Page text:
Congress investigations are not limited to oversight of the judiciary or executive, but other matters of national interest that require future legislation. Some of the matters that Congress has investigated include the activities of Ku Klux Klan, Interstate commerce, Vietnam War, organized crime and Wall Street banking practices (Hames and Ekern 101). Congress investigated President Nixon conduct in Watergate scandal that led to resignation of the President. Generally, the power of Congress to investigate and obtain information is broad and Supreme Court has affirmed that such power is essential to the legislative function.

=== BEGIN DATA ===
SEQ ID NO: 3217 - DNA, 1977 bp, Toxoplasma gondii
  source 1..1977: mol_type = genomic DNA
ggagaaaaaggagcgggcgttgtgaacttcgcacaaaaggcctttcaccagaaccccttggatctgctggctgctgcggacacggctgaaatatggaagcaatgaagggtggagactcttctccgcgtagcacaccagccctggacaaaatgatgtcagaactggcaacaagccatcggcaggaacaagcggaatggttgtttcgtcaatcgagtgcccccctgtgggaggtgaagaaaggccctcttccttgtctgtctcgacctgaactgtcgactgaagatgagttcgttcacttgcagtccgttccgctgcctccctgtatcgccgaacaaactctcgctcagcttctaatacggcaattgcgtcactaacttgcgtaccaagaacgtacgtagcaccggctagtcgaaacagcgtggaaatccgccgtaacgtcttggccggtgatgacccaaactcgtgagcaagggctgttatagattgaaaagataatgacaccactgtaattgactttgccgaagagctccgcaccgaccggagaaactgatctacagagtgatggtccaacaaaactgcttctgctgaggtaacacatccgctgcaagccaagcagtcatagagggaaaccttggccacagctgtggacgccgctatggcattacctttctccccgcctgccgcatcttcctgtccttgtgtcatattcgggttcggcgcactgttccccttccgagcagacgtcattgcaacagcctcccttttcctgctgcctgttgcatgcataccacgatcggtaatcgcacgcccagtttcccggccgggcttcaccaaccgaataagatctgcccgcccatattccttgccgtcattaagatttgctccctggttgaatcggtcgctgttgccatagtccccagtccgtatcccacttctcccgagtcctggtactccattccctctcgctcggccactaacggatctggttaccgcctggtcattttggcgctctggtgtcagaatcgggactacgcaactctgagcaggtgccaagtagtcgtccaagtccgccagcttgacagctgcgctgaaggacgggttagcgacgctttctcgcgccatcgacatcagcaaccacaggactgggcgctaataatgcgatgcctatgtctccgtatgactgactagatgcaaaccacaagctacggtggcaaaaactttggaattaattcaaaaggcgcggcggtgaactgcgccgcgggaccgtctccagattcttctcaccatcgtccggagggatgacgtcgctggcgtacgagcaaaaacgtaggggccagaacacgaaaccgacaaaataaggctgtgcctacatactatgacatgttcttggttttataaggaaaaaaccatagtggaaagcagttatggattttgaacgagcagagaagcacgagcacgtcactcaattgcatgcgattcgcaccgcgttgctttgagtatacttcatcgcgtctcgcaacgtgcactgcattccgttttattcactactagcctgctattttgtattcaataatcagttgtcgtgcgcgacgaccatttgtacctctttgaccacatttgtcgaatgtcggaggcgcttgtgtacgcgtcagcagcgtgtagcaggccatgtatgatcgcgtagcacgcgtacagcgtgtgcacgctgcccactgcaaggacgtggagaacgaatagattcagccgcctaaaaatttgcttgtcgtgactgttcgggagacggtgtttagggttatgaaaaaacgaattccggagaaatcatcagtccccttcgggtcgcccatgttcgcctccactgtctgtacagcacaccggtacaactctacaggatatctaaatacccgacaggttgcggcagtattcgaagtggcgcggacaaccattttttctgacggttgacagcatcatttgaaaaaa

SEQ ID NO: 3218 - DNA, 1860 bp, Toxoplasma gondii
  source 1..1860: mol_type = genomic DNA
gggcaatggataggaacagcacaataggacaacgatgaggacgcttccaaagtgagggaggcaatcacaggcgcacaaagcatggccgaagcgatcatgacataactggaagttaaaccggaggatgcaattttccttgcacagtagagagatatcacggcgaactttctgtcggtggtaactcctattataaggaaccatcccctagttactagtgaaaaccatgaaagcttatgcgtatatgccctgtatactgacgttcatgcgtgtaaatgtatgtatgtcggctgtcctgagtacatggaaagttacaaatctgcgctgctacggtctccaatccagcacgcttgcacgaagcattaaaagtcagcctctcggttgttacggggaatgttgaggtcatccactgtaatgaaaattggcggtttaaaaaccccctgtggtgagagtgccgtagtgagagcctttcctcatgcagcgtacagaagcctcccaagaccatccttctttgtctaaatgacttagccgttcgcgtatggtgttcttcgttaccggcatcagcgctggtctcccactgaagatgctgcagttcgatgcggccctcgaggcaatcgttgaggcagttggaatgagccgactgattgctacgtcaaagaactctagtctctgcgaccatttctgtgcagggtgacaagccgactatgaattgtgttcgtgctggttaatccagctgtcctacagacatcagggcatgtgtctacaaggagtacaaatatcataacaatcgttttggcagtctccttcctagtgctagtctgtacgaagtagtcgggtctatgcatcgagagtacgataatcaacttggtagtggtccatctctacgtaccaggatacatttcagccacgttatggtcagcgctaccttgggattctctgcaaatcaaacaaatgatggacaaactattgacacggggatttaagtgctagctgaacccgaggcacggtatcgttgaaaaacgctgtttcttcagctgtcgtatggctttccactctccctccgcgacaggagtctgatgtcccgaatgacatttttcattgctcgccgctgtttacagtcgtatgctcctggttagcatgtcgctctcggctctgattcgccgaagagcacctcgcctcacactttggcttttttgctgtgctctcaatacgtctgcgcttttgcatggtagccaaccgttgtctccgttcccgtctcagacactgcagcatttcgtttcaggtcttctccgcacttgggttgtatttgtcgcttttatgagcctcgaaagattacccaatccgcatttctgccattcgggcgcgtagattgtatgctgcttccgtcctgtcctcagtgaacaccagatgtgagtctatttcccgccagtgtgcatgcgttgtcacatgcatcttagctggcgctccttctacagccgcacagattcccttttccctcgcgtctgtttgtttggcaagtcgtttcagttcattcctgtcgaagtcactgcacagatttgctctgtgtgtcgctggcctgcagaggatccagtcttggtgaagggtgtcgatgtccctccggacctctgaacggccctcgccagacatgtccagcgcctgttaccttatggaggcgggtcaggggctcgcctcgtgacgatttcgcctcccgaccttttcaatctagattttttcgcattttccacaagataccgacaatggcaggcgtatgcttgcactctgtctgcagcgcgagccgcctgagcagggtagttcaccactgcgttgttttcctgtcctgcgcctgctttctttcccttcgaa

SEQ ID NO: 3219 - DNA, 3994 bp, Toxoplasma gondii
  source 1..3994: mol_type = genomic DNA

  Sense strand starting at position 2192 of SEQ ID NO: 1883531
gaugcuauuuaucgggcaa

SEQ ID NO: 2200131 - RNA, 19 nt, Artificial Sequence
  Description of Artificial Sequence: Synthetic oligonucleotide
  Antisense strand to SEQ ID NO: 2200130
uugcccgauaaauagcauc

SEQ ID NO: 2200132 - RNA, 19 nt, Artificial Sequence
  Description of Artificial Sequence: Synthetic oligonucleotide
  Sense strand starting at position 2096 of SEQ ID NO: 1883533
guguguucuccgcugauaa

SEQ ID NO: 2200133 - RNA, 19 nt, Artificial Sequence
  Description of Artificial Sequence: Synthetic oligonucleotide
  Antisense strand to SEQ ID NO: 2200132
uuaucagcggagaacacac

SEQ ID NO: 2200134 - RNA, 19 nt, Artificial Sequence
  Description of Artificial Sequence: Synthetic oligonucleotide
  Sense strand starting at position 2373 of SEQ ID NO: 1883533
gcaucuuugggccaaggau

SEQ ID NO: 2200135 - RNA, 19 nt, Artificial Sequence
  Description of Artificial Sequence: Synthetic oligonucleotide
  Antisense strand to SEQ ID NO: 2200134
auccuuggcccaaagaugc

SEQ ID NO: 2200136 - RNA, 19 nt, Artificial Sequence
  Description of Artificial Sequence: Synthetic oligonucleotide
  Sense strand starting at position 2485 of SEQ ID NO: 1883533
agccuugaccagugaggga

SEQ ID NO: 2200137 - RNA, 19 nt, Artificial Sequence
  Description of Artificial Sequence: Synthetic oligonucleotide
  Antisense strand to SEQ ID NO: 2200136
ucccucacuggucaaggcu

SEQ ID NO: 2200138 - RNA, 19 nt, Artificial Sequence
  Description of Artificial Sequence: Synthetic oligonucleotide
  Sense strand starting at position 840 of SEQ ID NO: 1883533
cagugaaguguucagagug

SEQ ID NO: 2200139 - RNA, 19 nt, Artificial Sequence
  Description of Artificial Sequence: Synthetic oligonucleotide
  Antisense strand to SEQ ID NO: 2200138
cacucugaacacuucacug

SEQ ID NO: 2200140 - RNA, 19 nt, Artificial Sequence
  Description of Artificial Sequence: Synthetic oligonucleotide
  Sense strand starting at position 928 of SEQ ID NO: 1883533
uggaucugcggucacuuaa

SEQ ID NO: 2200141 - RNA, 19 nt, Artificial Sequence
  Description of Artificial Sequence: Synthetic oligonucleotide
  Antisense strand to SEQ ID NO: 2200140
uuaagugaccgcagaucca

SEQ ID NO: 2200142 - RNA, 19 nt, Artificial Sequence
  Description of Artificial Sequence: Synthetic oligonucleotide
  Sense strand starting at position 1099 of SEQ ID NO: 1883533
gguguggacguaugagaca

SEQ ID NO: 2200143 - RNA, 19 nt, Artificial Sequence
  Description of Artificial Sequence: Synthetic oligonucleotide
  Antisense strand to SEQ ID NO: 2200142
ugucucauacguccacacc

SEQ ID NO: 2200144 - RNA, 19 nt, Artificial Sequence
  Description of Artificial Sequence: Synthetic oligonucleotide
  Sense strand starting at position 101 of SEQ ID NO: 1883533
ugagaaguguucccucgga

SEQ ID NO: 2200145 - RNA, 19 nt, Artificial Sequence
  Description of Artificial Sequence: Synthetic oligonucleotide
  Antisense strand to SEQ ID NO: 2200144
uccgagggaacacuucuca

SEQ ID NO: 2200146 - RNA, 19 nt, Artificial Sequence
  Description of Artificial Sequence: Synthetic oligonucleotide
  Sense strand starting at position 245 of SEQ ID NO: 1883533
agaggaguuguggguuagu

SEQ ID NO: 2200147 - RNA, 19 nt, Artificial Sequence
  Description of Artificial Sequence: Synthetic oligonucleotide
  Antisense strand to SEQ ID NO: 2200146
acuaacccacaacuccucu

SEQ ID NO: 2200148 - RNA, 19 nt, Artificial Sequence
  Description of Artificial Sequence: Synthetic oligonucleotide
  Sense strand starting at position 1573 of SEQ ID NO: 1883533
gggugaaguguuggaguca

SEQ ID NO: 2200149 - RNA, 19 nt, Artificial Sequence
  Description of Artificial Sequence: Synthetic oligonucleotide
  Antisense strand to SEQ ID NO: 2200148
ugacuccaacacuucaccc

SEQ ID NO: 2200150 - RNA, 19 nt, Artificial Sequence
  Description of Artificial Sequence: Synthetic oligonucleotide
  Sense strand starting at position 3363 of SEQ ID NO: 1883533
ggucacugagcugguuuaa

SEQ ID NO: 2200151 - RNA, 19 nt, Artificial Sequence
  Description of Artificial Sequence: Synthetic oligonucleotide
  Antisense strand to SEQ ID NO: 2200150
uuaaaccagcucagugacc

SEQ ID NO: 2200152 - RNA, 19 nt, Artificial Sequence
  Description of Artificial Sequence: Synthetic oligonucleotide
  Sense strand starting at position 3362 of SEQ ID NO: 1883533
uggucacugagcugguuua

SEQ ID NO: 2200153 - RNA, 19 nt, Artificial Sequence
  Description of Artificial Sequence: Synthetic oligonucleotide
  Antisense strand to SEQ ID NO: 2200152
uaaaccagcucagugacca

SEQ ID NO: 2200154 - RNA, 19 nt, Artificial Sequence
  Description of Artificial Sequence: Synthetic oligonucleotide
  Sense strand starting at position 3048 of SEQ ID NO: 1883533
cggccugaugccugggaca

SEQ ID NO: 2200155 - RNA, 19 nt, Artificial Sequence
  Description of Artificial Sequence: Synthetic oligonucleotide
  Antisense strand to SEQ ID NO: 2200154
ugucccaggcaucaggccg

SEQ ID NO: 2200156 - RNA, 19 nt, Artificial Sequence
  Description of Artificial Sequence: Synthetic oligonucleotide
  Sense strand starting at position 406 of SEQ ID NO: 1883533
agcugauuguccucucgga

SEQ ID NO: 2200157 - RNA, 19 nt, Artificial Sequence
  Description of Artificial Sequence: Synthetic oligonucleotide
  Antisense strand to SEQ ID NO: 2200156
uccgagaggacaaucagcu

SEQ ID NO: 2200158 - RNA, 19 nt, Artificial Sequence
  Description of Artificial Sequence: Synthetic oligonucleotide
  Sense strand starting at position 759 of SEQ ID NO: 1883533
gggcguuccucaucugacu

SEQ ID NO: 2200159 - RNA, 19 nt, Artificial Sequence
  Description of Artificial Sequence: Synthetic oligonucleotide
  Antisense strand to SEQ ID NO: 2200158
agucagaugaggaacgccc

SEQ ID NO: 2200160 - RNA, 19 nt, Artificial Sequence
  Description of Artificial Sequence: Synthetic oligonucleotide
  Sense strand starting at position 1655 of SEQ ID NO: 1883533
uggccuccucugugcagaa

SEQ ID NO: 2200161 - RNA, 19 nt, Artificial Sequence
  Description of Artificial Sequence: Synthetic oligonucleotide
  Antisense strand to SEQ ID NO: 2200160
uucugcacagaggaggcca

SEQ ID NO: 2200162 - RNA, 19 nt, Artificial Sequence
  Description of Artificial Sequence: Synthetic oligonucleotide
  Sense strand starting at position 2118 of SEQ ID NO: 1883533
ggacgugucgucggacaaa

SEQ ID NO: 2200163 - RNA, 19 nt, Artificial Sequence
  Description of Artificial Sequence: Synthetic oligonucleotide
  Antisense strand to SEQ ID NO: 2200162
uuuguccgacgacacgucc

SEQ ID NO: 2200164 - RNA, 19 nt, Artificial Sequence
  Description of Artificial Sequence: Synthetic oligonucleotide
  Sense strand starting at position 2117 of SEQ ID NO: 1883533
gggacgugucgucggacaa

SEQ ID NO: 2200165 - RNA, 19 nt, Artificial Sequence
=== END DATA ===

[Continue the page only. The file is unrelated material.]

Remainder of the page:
The Congress investigations powers were confirmed in the case of McGrain v Daugherty that arose from Harding Administration scandals. The Senate Committee investigated the failure of the Attorney General to prosecute violations of federal law. Mally S. Daugherty, the Attorney General did not honor Congress summons and applied to US District Court in Ohio for writ of habeas corpus. The District Court restrained the Senate from arresting Daugherty, but the Supreme Court reversed the opinion by outlining that that Congress had power to compel testimony that could be used for legislative purposes (Rosenberg 3). The Supreme Court held that a ‘legislative body cannot legislate wisely or effectively in the absence of information respecting the conditions which the legislation will affect or change’. In the case of Watkins v United States, the court held that the power of inquiry was broad and inherent in the legislative process thus encompasses inquiries related to administration of current statutes and proposed or needed statutes (Rosenberg 3). The Courts also extended the investigative powers from wrongdoing to include corruption, wastage, inefficiency in Federal Government departments thus allowing Congress to inquire and publicize corruption and other malpractices in government agencies (Rosenberg 3).